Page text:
While sitting in the audience at a user conference a few weeks ago, I overheard two gentlemen talking behind me. (I wasn't being nosy, but they had to talk loud enough to hear each other over the music that was playing, so I couldn't help but hear them, too!)
One mentioned how unhappy he was in his new job, which wasn't coming off as he had expected or hoped. "I'm basically a lab rat now," he said. "I sit in my office and troubleshoot and do a lot of interesting things, but I have no access to customers." The other asked, "Why don't you just take some time out to meet with customers?" Sounds like logical advice, but unfortunately, that's a role that only sales and top execs play at his company, he responded. Apparently, that's the corporate culture.
Wow, what a shame. This guy wants to know what customers are thinking, he's eager to hear how he might improve what he does based on their feedback, and he can't get out of the office to meet with them or pick up the phone and call them? It's not like he's an accountant asking to get involved in the science of building rockets or anything.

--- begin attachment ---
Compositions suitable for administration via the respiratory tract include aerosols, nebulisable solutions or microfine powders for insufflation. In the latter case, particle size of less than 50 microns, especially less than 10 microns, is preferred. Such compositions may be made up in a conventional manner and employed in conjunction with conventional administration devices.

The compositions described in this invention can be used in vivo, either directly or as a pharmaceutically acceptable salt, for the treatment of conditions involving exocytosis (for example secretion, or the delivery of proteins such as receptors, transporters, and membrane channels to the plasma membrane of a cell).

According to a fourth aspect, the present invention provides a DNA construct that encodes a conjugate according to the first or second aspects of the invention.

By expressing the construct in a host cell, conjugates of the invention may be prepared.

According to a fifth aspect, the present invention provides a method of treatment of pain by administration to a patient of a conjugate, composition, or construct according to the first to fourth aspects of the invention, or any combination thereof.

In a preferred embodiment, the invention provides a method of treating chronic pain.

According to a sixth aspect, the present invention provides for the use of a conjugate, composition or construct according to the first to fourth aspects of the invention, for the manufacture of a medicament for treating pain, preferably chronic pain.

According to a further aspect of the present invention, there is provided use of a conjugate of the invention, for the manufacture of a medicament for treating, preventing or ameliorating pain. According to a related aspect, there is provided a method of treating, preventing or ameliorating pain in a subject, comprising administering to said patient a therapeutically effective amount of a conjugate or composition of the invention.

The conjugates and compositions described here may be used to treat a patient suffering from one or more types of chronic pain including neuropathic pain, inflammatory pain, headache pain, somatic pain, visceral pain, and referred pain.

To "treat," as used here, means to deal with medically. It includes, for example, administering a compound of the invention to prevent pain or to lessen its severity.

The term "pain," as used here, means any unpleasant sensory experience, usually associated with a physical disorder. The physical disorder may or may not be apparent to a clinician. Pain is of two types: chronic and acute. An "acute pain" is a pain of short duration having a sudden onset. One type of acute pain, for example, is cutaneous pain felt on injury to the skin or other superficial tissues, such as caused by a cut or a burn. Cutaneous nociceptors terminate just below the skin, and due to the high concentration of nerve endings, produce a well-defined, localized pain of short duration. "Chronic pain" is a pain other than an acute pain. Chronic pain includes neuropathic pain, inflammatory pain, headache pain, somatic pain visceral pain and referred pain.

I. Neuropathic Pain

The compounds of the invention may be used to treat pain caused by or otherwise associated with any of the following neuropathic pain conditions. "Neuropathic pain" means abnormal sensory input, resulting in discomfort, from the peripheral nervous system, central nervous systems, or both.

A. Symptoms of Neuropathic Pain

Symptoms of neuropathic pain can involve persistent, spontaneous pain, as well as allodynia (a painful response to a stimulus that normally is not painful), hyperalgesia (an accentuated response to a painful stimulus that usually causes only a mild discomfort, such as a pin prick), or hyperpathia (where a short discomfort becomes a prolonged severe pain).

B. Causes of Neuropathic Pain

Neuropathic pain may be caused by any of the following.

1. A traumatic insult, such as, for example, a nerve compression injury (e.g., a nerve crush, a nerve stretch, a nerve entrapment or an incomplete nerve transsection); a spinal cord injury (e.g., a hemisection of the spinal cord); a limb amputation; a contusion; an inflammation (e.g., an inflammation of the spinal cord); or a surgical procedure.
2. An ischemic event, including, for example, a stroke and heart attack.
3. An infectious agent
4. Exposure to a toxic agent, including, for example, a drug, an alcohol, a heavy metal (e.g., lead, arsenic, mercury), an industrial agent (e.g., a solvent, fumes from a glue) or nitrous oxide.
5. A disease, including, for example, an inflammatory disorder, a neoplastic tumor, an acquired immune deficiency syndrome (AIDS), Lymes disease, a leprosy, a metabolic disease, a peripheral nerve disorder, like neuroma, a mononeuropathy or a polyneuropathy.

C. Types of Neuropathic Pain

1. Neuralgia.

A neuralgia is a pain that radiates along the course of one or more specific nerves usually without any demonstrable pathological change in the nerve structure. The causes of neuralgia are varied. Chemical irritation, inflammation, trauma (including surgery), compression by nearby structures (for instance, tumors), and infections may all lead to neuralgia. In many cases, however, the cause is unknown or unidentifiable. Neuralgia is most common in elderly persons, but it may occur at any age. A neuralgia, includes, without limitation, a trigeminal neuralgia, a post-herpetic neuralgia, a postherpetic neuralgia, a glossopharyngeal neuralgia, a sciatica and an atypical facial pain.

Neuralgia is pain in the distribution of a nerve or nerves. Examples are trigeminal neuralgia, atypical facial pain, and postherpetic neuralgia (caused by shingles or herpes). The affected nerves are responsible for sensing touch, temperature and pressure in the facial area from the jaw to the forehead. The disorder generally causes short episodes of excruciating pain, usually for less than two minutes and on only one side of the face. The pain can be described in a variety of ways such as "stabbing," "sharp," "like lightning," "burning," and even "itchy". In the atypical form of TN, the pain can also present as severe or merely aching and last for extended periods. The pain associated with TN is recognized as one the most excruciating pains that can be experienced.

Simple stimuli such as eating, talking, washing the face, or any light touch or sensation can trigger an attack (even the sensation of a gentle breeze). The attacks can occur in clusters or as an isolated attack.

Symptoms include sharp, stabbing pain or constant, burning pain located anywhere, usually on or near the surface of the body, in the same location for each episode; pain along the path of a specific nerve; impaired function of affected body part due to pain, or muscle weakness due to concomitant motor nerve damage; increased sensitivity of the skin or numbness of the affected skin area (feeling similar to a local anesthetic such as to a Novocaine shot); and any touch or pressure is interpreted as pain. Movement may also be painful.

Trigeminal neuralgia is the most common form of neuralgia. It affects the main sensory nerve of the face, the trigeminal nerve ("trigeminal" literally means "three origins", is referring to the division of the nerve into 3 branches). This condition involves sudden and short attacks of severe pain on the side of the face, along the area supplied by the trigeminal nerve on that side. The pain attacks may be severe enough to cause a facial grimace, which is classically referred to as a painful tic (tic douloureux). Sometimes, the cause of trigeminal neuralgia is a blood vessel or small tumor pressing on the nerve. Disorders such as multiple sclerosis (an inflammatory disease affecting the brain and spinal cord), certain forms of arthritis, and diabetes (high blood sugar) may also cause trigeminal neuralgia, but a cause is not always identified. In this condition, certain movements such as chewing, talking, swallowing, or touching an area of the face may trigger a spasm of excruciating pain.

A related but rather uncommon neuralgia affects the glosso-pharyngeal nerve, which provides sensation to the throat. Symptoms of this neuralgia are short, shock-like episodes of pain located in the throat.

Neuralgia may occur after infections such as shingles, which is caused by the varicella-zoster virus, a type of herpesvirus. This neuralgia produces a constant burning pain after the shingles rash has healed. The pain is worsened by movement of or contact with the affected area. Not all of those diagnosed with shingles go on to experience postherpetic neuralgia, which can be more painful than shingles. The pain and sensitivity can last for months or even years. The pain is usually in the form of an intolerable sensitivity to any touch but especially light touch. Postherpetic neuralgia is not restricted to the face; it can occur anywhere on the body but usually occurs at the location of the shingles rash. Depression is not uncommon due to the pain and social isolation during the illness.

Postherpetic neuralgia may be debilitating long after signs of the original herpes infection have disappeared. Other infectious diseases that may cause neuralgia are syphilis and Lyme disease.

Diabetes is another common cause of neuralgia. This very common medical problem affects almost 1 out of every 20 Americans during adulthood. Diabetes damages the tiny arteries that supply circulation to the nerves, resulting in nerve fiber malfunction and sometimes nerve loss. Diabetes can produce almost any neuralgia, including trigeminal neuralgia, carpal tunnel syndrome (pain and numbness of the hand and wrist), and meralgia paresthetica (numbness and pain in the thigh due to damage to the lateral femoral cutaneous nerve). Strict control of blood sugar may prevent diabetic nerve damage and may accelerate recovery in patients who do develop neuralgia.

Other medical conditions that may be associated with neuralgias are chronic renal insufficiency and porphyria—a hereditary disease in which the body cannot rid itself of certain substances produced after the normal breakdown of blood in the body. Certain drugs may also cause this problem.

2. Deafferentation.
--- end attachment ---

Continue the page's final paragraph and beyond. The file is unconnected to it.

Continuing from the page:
I'd like to think that this company is an anomaly, but I did an informal poll of some of my friends in IT and heard some of the same things. For some, it wasn't a matter of corporate culture that they weren't allowed to make contact, but, rather, no one has thought to ask if they want to hear directly from customers. I've heard of companies that make innovation part of everyone's job description. Wouldn't it be nice if customer awareness and contact also were part of everyone's role? And I don't mean just in IT, but any business.
The Business of Going DigitalDigital business isn't about changing code; it's about changing what legacy sales, distribution, customer service, and product groups do in the new digital age. It's about bringing big data analytics, mobile, social, marketing automation, cloud computing, and the app economy together to launch new products and services. We're seeing new titles in this digital revolution, new responsibilities, new business models, and major shifts in technology spending.